The mRNA revolution is just beginning


Katalin Karikó, biochemist, started working with mRNA as early as 1989

The arrival of a vaccine before the close of the year was an unexpected turn of events. Early in the pandemic, the conventional wisdom was that, even with all the stops pulled, a vaccine would take at least a year and a half to develop. Talking heads often referenced that the previous fastest-ever vaccine developed, for mumps back in 1967, took four years. Modern vaccines often stretch out past a decade of development. BioNTech – and US-based Moderna, which announced similar results later the same week – shattered that conventional timeline.

Neither company was a household name before the pandemic. In fact, neither had ever had a single drug approved before. But both had long believed that their mRNA technology, which uses simple genetic instructions as a payload, could outpace traditional vaccines, which rely on the often-painstaking assembly of living viruses or their isolated parts. mRNA turned out to be a vanishingly rare thing in the world of science and medicine: a promising and potentially transformative technology that not only survived its first big test, but delivered beyond most people’s wildest expectations.

But its next step could be even bigger. The scope of mRNA vaccines always went beyond any one disease. Like moving from a vacuum tube to a microchip, the technology promises to perform the same task as traditional vaccines, but exponentially faster, and for a fraction of the cost. “You can have an idea in the morning, and a vaccine prototype by evening. The speed is amazing,” says Daniel Anderson, an mRNA therapy researcher at MIT…

I grabbed this article because it promised more detail about mRNA. I was already convinced; but, global geek journalism is my personal search engine and this looks useful.

Right here is where I have to stick in a disclaimer. I’m an old geezer, old geek, old-timey radical. So, several years ago – with no background whatsoever – I decided I had to manage my own retirement investment account. I couldn’t do worse than some of the folks with professional credentials who’d been screwing it up. I have to say this because one of my holdings is MRNA…Moderna. No details. No questions, please. I’m not here to tout my few successes. I just love the science.

RTFA. It’s a piece of history. I think we’ll live a measurable bit longer because of the work all these folks are doing.

Trump appoints former director of company researching vaccines to head Federal program to find vaccine! Huh? Wha?


Trump, Dr Moncef SlaouiAP Photo/Alex Brandon

The former pharma executive tapped by President Donald Trump to lead the federal government’s hunt for a COVID-19 vaccine has more than $10 million in stock options in one of the companies receiving federal funding.

Dr Moncef Slaoui, a Belgian-American, was this week named Chief Scientist for Trump’s “Operation Warp Speed,” which aims to develop a working vaccine as fast as possible.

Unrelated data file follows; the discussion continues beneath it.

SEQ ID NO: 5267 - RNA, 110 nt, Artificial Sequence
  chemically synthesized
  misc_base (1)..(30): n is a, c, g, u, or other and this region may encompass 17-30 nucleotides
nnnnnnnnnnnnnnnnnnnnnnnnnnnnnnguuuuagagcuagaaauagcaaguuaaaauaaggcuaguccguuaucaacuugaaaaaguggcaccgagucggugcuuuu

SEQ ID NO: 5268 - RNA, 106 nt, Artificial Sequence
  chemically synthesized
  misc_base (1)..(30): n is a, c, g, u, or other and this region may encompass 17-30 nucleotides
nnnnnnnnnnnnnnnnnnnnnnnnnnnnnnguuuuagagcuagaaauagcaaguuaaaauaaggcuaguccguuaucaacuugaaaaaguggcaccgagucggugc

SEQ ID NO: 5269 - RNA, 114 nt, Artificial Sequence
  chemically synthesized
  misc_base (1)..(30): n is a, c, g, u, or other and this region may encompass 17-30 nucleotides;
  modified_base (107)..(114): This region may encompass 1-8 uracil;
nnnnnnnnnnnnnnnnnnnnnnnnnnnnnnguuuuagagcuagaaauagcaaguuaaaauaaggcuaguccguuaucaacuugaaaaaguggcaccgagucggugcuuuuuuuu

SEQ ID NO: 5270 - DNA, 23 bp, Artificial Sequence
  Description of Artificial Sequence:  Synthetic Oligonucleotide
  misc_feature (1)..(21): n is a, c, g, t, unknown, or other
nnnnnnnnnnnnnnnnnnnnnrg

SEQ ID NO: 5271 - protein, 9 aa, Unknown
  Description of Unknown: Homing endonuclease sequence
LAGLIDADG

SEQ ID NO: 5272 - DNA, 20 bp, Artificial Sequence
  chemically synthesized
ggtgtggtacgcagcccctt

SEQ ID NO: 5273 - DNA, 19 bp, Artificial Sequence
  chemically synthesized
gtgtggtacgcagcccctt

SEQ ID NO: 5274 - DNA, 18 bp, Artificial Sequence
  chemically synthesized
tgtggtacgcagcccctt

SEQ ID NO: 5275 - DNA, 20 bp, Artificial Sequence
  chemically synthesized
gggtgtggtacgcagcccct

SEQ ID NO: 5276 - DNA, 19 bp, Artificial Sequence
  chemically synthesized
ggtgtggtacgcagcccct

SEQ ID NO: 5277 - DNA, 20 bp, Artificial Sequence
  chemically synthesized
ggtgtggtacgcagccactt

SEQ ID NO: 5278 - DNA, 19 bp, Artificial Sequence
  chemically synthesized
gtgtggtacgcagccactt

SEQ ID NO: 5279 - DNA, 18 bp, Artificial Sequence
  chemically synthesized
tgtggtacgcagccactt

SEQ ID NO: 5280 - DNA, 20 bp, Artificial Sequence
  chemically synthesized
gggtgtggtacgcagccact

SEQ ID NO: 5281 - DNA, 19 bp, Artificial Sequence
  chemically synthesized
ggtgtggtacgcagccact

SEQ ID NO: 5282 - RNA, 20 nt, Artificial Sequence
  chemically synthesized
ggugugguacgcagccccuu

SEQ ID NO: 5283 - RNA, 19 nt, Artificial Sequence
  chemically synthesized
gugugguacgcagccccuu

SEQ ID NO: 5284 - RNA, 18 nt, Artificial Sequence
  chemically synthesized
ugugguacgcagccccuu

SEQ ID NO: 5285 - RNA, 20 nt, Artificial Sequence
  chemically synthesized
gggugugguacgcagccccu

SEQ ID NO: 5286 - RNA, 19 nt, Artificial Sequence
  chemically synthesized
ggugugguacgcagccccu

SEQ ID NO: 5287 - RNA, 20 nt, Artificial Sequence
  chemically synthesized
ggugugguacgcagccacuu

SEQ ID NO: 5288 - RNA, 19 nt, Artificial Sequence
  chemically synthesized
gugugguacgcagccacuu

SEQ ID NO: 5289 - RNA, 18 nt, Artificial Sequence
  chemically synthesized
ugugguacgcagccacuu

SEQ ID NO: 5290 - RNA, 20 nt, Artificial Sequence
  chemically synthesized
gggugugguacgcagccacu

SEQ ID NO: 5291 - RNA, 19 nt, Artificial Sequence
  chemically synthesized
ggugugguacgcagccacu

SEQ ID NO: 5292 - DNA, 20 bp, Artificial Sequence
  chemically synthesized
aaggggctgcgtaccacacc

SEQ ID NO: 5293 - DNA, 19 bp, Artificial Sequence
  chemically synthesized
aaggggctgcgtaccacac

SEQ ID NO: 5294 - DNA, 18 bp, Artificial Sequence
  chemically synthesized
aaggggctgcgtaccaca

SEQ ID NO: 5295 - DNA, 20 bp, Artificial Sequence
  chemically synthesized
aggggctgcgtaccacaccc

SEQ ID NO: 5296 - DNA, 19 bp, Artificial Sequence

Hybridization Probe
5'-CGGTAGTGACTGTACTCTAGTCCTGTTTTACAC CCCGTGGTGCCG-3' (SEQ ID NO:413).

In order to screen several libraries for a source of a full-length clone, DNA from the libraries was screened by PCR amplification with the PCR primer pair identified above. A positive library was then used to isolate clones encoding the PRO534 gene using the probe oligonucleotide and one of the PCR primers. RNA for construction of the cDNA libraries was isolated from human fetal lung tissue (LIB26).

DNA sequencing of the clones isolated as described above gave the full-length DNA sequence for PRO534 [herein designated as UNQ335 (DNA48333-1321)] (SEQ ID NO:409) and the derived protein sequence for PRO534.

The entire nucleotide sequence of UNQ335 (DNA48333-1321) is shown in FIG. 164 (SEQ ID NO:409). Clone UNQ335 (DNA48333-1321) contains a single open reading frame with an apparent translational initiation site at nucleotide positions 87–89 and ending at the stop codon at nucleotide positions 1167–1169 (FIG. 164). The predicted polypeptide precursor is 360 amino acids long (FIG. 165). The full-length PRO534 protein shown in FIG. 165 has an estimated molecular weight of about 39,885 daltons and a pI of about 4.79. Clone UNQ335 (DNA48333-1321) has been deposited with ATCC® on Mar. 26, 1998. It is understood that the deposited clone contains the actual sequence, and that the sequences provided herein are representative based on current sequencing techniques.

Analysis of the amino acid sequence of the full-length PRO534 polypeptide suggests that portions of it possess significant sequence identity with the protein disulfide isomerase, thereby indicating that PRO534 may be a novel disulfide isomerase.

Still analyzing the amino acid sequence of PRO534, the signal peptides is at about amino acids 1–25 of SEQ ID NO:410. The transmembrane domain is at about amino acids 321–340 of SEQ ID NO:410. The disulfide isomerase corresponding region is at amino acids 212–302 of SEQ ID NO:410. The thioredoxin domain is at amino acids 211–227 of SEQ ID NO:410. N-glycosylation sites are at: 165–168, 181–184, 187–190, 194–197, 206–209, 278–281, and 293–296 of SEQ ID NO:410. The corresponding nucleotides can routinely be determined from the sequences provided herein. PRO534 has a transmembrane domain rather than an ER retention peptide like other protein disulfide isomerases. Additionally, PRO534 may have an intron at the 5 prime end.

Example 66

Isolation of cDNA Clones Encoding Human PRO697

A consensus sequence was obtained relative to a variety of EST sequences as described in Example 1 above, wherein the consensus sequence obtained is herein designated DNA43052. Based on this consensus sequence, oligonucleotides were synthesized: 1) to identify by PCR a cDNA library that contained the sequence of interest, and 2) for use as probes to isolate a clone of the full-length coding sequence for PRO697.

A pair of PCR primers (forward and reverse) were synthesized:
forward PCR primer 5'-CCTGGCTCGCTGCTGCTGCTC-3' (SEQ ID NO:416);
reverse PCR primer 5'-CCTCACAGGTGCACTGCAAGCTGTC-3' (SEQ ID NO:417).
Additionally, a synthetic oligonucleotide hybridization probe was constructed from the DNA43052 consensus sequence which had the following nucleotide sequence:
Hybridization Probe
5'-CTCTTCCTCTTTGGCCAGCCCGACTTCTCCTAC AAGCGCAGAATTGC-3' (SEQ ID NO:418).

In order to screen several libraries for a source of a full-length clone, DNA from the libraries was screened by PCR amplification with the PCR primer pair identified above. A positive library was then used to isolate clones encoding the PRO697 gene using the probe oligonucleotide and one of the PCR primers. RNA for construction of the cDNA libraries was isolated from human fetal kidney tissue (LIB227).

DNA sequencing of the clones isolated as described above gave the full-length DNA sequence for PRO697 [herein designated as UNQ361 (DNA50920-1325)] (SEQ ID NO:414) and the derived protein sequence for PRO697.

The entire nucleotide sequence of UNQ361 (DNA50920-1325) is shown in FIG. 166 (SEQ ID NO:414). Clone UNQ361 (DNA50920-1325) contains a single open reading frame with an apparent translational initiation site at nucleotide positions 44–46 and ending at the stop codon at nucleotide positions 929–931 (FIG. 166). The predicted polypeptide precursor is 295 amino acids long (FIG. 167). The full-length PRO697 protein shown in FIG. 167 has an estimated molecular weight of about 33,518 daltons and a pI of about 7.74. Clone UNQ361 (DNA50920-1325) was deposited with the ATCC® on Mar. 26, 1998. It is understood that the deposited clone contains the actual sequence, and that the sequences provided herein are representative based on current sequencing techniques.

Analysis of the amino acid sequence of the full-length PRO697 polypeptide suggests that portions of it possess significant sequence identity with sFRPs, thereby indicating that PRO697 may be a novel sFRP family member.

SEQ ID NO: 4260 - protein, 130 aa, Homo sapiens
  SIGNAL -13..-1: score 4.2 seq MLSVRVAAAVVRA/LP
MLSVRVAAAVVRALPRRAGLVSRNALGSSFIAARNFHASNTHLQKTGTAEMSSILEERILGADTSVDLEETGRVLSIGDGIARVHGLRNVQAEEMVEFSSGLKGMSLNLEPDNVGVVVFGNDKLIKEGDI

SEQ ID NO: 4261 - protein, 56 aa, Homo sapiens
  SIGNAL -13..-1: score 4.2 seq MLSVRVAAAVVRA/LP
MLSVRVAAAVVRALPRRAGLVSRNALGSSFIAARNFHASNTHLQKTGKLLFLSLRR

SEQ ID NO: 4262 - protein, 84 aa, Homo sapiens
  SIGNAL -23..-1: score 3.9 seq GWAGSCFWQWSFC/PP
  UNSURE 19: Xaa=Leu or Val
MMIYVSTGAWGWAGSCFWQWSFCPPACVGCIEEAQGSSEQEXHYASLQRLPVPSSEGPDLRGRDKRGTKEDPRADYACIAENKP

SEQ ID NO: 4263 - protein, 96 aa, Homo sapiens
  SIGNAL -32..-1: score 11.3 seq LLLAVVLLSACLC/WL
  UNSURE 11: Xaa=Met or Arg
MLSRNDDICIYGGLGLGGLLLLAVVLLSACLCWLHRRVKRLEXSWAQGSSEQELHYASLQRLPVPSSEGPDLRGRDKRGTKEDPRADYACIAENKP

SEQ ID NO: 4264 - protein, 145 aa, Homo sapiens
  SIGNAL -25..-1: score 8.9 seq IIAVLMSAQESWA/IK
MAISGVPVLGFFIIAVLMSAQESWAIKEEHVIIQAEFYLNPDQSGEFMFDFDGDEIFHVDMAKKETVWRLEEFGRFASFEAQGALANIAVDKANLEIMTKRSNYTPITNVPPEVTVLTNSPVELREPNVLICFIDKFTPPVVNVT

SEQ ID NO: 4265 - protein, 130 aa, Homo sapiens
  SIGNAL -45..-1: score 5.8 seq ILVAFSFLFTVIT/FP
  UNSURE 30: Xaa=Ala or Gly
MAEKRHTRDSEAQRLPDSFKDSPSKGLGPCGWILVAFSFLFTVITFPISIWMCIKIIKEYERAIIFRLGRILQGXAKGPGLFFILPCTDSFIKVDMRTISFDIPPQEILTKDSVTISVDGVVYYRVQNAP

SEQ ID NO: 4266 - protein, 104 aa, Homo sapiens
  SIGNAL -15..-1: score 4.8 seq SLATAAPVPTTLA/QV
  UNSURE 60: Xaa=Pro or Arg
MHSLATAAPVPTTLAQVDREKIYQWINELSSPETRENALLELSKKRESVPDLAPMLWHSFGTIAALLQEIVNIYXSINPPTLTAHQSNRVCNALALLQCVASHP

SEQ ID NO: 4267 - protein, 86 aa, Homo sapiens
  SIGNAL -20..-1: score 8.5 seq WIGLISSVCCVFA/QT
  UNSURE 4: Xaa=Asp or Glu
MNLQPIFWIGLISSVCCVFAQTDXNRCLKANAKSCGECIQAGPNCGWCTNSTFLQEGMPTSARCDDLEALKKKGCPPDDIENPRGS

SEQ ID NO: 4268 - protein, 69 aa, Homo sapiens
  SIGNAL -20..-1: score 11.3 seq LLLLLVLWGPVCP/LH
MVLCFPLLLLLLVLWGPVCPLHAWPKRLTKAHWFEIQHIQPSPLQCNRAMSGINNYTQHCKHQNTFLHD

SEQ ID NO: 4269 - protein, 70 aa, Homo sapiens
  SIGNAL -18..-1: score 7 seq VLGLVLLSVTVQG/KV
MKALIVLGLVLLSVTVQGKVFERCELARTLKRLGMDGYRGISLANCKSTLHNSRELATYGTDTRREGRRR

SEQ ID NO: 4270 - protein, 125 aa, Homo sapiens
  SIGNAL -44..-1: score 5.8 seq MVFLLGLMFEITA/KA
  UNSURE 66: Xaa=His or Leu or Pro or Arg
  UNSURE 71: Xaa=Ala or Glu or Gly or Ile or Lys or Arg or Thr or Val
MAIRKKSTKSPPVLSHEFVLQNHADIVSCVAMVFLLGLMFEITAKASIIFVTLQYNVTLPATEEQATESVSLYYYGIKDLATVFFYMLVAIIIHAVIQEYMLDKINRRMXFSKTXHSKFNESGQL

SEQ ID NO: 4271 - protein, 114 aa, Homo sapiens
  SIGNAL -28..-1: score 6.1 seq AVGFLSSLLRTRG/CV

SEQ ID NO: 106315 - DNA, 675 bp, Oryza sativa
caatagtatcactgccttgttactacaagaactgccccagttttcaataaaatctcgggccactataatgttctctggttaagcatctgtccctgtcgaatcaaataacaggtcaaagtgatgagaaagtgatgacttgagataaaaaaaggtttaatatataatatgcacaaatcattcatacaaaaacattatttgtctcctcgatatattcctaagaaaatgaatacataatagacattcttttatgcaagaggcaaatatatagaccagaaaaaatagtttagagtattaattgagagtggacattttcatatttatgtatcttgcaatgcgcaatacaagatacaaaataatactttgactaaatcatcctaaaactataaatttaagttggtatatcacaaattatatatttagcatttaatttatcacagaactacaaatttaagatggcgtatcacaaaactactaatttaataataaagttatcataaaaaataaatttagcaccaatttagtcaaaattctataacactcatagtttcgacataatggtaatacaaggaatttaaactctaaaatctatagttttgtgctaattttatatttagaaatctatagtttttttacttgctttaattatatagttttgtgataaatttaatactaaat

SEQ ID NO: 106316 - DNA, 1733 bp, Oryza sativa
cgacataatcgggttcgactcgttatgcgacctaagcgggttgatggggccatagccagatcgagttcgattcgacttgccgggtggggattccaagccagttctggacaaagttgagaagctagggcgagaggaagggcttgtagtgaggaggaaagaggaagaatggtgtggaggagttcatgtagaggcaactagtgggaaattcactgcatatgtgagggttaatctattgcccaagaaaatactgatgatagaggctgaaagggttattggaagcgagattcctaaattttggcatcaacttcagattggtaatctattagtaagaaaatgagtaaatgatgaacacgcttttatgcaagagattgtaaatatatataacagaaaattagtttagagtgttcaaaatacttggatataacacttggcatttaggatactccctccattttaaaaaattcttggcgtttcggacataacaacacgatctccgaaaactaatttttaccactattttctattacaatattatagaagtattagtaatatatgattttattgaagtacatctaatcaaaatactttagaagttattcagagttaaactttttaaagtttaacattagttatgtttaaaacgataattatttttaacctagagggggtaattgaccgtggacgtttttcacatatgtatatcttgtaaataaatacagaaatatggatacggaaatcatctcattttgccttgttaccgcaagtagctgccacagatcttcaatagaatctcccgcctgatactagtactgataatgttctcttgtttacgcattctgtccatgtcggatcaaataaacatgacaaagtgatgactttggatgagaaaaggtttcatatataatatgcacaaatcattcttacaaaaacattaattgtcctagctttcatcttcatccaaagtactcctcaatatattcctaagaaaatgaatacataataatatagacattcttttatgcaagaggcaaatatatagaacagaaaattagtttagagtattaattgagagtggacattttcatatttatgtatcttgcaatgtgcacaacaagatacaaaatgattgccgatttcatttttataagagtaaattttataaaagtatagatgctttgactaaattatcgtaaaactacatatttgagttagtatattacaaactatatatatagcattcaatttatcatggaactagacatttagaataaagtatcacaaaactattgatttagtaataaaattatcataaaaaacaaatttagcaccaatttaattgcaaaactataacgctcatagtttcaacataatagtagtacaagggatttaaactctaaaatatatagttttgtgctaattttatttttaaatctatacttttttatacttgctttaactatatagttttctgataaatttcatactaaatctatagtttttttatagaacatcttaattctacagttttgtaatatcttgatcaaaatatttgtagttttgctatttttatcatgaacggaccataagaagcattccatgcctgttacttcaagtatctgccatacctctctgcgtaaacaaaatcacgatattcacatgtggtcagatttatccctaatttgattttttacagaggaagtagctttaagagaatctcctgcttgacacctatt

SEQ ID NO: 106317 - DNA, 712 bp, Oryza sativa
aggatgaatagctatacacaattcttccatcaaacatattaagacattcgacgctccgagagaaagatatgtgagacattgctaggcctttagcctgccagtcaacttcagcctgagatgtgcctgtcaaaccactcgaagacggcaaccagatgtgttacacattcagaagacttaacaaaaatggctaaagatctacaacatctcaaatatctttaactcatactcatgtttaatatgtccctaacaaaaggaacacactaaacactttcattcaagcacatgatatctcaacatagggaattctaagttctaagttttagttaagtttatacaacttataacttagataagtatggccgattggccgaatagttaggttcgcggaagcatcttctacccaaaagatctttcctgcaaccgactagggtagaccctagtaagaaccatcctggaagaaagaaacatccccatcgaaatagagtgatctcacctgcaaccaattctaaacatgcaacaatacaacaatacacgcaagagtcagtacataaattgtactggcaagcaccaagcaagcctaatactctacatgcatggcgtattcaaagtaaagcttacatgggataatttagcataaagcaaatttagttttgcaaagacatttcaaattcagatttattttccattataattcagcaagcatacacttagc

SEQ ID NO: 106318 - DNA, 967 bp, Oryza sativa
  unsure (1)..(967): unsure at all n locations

In order to take up the position, Slaoui resigned his role on the board of directors for Moderna Inc….Slaoui has 155,438 stock options in Moderna. The stake is worth $10,366,000 at Moderna’s current share price, $66.69 at the time of publication…

After news of Slaoui’s holding was published, former presidential candidate Sen. Elizabeth Warren said that Slaoui “must divest immediately.”

I’ll second that emotion.

Moderna has been one of the leading candidates to win the COVID-19 vaccine derby for quite a spell. I have to admit my dinky retirement account had shares of MRNA for a while. If I had the insider connections that Slaoui has I probably never would have sold them. :-] But, then, that’s the kind of creepy stuff that fits Trump like a cheap suit.

Some plants talk to each other on the genetic level


“So, how do you feel about tendril sex?”

Whether or not plants hear and talk to us, they sure talk among themselves – some of them, at least. This has been established by scientific research in the past: plants communicate to each other via signals in the form of chemicals. Some species of plants, in fact, have sophisticated means of interacting with others of their kinds: while some can share genetic information, others send warning messages of possible insect attacks. The former form of communication entails parasitic plants attaching onto their hosts.

Dodder, which is a parasite, attaches onto the other plant known as Arabidopsis, stealing some of its nutrients in the process via an appendage. However, to have their meal of nutrients, Dodder has to first identify its host. It was previously thought that it uses chemicals to do so. Now, a new study has demonstrated that dodder uses a genetic method: it exchanges RNA with the plant. These two plants thereby ‘talk’ to each other as they exchange pieces of mRNA.

What do they say to each other then? Mystery, mystery. Perhaps, Dodder signals its host to ‘allow’ it to drain its nutrients by tricking it to lower its defenses?

The picture says it all.

Thanks, Mike